MENU
component-ddb-728x90-v1-01-desktop

"Chemo-brain" may be linked to inflammation, say Rochester researchers

Barb Klube Falso with her 3 children. In 2014 she was diagnosed with stage 3 breast cancer and suffered a side effect from treatment known as "chemo-brain."

Rochester, N.Y. (WHAM) - Barb Klube Falso was a busy mother of three with a full time job when she was diagnosed with stage three breast cancer.

The photos from late fall of 2014 are a reminder of the toll of eight rounds of chemotherapy. "Everyone thinks with chemo you will lose your hair," she told 13WHAM's Jane Flasch. "That's a portion of it, but there are a lot of other things that are not talked about."

One of those struggles was a sudden and acute memory lapse she would experience without warning.

"I call it a black hole - the moments I couldn't remember a thing about what was happening," Barb said, saying it was more than simple forgetfulness.

She said it was so complete it was "frightening."

The condition is known as "chemo-brain."

"I mentioned it to a professional and he said, 'Do you use that excuse often?' I couldn't believe that is what a professional said to me," Barb said.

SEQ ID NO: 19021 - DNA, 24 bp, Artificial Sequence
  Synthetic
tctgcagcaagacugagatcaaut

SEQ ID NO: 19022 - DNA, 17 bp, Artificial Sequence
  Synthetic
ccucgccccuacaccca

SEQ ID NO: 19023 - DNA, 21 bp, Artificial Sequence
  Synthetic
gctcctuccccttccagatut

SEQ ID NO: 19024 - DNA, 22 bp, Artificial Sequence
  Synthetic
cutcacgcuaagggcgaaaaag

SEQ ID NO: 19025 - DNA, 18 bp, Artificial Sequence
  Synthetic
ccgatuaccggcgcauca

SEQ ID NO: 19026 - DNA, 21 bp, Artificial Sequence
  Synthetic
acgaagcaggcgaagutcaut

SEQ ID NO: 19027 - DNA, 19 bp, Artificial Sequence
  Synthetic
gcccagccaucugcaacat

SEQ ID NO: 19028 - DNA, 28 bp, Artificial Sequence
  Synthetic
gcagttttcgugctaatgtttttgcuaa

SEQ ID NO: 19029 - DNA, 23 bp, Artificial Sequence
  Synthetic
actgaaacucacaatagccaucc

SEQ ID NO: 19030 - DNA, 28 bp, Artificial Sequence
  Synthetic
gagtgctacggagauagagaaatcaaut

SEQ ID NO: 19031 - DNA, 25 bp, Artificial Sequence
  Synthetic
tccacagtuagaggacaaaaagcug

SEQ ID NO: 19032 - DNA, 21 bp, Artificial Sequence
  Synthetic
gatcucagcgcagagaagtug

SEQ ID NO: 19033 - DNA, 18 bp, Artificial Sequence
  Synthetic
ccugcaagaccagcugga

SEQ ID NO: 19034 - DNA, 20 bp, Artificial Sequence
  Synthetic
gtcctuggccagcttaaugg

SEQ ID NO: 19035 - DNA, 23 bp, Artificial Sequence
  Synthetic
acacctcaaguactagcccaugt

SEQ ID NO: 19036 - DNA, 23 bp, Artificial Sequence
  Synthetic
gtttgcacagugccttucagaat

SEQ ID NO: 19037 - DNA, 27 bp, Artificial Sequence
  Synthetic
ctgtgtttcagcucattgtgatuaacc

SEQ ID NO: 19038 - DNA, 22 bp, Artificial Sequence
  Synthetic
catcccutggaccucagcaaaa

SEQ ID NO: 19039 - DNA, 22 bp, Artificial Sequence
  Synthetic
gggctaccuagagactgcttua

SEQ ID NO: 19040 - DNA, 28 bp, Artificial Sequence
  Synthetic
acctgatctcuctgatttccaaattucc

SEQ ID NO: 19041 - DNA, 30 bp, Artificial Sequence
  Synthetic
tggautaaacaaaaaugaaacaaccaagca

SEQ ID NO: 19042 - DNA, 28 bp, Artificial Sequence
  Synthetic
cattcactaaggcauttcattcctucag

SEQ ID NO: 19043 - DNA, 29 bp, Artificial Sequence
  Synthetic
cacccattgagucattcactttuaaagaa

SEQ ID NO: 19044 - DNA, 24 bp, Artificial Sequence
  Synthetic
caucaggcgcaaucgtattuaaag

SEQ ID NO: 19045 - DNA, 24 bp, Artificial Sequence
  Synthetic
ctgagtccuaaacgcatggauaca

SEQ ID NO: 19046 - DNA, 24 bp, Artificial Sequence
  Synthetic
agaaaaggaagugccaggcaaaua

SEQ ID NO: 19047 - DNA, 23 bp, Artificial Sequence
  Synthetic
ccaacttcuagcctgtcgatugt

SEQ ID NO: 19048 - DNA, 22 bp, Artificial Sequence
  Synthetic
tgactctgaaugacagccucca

"Yes, chemo-brain is a real phenomenon," said Michelle Janelsins, PhD. Researchers at Wilmot Cancer Institute have documented that up to 80 percent of people in treatment experience chemo-brain, and for 2/3 of them, the symptoms will continue for up to a year after treatments end.

Yet in a new breakthrough, researchers have also linked it to inflammation in the blood that somehow may react to the chemo.

"It could be a new opportunity for us to have a new blood test that could potentially identify patients who are at risk for developing cognitive changes during treatment," said Dr. Janelsins.

Cancer treatments stole a year of Barb's life. However, this research may one day lead to a way to prevent treatment side effects from stealing even more precious time.

"There is not a single portion of my life that was not impacted by cancer," Barb said. "If you can minimize some of those impacts it's like getting your life back."

close video ad
Unmutetoggle ad audio on off

Trending